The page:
Bosnian Serb health workers get COVID-19 jabs in Serbia

International

A medical worker administers a shot of COVID-19 vaccine to a man in Belgrade, Serbia, Wednesday, Feb. 17, 2021. Serbia, a country of 7 million, has so far vaccinated some 1 million people, mainly with the Chinese Sinopharm vaccine and Russian Sputnik V, and to a lesser extent with the Pfizer jab. (AP Photo/Darko Vojinovic)

LOZNICA, Serbia (AP) — Hundreds of Bosnian Serb medical workers crossed into Serbia to receive a COVID-19 vaccine shot on Wednesday after Belgrade donated vaccine doses to neighboring nations in a bid to highlight its regional reach and influence.

Serbia, a country of 7 million, has vaccinated more than 660,000 of its own people with the first of two doses. It has started administering the second shot, mainly with China’s Sinopharm vaccines, along with Russia’s Sputnik V and to a lesser extent, jabs from Pfizer-BioNTech.

Serbia is a European leader in terms of the speed of its vaccination rollout thanks to its strong relations with China and Russia.

Both the the Chinese and the Russian vaccines have not been approved by the European Union’s medical authorities. Faced with a vaccine delivery slowdown, EU-member Hungary has approved the use of the Russian and Chinese shots while Croatia is considering using Sputnik V for its own inoculation drive.

The Bosnian Serbs were vaccinated in three Serbian towns that are close to the border with Bosnia. About 2,000 health staff from Bosnia’s Republika Srpska entity have applied for the jabs and several hundred will receive them daily, officials said.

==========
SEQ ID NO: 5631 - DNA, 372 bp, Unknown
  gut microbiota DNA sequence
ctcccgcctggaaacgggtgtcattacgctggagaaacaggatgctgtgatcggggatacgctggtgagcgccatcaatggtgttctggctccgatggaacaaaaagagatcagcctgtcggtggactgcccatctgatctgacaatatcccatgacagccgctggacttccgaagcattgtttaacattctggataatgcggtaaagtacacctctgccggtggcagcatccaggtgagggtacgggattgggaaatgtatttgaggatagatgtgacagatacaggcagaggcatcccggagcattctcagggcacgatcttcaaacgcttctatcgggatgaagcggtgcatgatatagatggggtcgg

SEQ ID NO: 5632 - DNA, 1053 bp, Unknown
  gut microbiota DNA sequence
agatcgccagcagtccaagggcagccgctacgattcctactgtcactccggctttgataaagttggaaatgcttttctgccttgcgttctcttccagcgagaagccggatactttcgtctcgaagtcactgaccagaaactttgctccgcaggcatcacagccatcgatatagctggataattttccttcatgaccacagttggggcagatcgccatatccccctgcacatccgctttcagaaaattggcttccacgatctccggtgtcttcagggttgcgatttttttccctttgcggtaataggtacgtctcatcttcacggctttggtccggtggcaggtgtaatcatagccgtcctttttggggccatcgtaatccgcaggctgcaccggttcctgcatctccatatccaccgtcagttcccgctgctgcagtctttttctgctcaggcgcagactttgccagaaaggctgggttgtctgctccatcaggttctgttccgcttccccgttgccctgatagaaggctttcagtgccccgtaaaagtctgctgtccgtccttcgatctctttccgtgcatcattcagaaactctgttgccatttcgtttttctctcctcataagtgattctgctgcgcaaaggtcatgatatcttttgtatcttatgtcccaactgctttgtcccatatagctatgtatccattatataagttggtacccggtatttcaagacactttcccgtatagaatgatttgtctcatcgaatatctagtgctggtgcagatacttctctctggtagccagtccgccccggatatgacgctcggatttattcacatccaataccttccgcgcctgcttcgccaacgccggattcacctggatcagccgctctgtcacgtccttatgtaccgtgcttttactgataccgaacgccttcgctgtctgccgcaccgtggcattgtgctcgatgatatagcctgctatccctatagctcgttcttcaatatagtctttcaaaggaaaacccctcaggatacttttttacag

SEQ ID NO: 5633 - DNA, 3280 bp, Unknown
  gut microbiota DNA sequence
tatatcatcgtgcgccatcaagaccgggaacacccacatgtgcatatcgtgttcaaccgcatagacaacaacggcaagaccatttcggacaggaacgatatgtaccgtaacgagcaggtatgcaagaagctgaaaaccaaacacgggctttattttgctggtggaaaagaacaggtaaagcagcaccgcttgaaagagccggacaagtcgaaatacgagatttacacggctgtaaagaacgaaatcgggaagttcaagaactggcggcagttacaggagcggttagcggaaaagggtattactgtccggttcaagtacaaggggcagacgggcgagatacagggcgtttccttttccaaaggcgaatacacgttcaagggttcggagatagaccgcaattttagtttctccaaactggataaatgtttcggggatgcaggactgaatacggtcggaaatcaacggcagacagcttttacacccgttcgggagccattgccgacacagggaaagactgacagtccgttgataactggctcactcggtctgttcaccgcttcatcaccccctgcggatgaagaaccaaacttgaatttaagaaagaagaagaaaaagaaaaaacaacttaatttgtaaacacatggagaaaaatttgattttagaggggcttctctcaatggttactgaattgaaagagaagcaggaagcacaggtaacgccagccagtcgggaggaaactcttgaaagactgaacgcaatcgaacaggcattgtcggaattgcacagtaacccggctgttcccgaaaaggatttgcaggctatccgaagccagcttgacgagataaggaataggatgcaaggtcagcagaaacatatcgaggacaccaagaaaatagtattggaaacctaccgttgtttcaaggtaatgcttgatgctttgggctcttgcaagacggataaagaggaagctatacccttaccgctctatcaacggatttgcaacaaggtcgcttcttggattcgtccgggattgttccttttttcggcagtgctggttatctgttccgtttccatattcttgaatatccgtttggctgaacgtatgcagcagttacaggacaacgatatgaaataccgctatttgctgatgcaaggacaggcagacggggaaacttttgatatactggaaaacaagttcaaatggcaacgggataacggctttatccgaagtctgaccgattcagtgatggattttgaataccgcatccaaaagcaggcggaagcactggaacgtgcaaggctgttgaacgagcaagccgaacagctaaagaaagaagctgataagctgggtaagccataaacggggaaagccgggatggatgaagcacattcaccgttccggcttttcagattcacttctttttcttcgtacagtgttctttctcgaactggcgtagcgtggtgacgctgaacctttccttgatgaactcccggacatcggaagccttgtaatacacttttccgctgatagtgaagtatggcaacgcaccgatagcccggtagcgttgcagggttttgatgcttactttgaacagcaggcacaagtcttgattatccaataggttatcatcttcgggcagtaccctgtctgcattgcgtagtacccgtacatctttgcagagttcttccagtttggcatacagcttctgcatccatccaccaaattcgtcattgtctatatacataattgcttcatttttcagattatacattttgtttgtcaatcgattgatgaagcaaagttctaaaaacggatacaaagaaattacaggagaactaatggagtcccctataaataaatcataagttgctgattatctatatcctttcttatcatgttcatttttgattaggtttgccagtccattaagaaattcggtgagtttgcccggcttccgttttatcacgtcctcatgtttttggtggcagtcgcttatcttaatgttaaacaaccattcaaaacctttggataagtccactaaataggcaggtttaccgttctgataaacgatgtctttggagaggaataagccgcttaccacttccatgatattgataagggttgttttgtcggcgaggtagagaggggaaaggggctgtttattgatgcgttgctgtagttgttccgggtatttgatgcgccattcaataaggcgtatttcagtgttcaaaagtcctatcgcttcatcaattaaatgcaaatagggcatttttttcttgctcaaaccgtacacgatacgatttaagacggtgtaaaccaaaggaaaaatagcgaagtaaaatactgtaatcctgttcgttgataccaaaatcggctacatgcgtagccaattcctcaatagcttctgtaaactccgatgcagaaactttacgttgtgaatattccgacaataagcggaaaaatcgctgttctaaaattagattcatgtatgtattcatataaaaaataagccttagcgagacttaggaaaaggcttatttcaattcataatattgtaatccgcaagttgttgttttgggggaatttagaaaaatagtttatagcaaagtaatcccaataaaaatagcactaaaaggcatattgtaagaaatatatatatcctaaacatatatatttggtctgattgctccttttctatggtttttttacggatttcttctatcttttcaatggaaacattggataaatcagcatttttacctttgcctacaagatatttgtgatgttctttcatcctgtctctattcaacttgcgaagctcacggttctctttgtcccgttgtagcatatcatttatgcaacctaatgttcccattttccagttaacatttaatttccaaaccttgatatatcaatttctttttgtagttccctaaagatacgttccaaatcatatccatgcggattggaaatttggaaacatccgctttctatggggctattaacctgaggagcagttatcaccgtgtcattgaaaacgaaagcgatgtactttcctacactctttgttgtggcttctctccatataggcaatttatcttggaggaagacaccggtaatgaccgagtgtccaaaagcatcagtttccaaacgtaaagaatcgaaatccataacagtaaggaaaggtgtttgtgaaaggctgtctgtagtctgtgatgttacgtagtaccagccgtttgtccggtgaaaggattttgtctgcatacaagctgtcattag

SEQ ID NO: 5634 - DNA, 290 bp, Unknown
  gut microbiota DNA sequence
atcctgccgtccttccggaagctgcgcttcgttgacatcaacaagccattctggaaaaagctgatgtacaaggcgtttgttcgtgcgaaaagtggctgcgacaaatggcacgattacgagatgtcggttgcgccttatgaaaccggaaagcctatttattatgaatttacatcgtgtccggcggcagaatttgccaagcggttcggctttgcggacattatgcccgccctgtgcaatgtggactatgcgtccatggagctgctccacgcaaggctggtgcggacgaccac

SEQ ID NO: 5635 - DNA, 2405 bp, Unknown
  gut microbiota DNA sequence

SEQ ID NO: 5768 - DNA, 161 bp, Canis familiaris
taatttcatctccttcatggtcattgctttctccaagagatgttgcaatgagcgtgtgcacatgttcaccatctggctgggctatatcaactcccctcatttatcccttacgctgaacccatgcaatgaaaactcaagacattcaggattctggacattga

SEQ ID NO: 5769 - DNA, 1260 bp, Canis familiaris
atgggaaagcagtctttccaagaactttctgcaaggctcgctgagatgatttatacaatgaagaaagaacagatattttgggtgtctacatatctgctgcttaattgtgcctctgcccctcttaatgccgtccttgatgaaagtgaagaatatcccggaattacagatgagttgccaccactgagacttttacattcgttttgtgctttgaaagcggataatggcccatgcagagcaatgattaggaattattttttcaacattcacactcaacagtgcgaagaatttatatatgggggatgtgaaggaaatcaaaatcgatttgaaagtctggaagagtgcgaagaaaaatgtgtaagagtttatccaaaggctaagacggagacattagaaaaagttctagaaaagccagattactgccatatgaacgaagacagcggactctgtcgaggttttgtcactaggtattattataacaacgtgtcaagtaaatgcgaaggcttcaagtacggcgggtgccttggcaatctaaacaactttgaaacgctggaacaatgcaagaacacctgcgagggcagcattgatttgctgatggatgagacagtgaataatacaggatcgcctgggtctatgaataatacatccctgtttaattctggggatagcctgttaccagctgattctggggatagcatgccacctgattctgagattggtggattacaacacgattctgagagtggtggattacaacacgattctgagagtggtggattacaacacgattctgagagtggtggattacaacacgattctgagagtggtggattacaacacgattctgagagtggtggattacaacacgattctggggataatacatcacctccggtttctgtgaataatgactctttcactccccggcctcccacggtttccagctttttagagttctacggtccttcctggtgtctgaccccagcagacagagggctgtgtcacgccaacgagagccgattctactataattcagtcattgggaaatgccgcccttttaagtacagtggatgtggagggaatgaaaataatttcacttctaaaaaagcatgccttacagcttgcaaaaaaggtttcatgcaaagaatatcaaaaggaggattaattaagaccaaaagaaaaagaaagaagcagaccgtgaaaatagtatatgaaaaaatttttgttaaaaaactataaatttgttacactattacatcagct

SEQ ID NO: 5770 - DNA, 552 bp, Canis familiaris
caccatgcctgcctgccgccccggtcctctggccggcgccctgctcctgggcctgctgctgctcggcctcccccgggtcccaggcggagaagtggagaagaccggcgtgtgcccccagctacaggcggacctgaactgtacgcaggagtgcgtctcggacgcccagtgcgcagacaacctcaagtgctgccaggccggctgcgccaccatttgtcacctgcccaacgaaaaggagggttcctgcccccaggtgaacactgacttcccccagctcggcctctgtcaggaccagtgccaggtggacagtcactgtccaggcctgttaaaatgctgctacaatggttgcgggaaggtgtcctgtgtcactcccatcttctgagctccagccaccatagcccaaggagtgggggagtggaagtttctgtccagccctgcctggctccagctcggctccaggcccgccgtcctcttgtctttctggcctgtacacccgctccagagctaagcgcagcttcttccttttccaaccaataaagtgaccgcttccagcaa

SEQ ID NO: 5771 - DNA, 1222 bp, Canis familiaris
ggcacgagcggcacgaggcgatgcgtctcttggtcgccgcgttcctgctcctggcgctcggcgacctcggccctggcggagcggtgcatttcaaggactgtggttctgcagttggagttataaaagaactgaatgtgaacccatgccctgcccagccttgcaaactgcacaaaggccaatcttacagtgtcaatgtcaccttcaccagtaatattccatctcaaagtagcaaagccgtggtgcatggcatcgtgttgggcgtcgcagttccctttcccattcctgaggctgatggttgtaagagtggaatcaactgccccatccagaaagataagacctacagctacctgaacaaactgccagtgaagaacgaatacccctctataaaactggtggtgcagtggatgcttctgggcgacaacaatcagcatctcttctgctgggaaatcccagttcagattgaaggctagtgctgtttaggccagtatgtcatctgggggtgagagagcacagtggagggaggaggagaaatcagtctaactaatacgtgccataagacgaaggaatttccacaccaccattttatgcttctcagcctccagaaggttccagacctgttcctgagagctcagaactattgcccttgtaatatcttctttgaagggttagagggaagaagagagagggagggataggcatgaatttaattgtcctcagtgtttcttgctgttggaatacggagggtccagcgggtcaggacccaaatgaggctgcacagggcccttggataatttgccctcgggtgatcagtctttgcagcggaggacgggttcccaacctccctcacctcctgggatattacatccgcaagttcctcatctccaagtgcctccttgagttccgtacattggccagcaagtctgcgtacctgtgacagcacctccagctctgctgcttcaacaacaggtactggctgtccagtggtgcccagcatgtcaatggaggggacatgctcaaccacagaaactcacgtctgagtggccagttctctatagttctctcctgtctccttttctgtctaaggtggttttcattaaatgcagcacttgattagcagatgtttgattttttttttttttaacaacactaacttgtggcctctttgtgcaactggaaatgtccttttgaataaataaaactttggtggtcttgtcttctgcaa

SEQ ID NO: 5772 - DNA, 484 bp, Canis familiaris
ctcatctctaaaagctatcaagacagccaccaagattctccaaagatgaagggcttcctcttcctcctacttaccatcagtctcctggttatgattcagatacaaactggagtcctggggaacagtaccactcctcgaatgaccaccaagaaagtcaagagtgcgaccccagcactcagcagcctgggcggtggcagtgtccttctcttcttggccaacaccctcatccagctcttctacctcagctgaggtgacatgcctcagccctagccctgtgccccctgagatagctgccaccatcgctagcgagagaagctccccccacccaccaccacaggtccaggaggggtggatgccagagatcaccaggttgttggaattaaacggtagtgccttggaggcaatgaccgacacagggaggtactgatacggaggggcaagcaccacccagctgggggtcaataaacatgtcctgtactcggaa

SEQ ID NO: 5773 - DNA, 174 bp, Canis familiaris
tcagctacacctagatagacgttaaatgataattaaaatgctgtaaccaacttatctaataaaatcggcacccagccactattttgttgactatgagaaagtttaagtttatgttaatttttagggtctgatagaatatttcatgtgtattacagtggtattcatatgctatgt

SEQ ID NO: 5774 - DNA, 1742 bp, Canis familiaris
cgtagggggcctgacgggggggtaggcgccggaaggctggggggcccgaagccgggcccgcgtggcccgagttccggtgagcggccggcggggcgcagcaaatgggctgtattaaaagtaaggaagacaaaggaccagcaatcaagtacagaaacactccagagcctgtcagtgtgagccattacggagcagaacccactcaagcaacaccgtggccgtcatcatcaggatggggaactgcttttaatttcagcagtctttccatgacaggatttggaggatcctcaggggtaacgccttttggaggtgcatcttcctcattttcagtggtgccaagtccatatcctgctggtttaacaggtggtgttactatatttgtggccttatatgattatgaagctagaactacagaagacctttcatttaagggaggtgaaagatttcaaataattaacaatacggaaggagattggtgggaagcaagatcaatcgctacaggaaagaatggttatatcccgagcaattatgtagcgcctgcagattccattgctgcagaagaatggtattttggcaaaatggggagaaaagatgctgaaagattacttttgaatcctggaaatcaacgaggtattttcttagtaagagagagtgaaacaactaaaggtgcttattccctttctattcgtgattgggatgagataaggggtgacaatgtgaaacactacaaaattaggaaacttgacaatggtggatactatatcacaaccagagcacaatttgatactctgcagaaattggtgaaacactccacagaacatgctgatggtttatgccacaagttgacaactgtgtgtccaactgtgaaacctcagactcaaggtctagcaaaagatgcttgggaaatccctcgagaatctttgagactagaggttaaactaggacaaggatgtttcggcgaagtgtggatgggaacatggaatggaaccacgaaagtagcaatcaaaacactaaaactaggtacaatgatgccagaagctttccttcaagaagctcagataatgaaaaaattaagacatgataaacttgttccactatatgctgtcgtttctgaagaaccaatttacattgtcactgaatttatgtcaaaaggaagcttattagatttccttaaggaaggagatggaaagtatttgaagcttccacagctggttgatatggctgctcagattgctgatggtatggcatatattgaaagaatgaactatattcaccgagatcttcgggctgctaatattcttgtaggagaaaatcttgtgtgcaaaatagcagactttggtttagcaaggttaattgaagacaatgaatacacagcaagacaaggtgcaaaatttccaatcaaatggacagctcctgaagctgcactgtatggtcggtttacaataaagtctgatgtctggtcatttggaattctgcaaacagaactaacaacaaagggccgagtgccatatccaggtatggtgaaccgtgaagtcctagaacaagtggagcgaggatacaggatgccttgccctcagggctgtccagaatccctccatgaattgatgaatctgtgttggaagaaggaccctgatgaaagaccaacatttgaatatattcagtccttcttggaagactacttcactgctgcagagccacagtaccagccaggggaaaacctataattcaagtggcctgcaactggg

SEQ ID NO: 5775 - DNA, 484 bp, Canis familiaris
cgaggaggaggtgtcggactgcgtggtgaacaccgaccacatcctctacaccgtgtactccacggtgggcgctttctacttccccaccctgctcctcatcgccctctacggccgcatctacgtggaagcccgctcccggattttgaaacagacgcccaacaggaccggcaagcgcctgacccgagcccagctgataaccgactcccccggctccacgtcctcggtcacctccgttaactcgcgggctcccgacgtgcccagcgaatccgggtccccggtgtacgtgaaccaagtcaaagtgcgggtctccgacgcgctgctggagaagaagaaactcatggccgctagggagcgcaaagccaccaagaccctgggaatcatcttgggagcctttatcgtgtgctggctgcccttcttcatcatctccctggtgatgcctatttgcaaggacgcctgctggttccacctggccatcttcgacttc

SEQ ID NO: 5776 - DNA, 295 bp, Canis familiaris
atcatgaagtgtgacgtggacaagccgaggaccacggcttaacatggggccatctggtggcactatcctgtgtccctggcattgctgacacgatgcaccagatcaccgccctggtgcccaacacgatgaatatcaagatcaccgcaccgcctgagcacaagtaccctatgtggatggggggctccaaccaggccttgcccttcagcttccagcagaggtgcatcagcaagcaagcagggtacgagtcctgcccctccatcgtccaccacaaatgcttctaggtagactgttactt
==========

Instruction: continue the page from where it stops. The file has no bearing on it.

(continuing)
Aleksandar Radosavljevic, a doctor who was among those who crossed over into Serbia from the eastern Bosnian town of Bijeljina, described the occasion as a “very happy day for us.”

“This doesn’t mean protection for the medical staff only, but also for the patients and people (we work with,)” he said.

Bosnian Serbs have close ties with Serbia, while other parts of Bosnia are dominated by Bosniaks, who are mostly Muslims, and Croats. The autonomous regions were set up in a peace deal that ended the 1992-95 war.

Serbia was widely been seen as the aggressor in the Balkan wars during the 1990’s, that resulted in more than 100,000 deaths and millions being left homeless.

In a move designed to burnish its image, Serbia donated more than 4,000 vaccines to North Macedonia and is sending more to Montenegro later on Wednesday. It has also offered the vaccines to the Bosniak and Croat parts of Bosnia.

North Macedonia’s health authorities started vaccinating the country’s of medical workers on Wednesday using the Pfizer-BioNTech vaccine from Serbia. They said another shipment from Serbia of about 4,000 doses is expected next week.

Business News

More Business News

Political News

More Political News

Technology News

More Technology News

Science News

More Science News

Entertainment News

More Entertainment News

Odd News

More Odd News
More Home Page Top Stories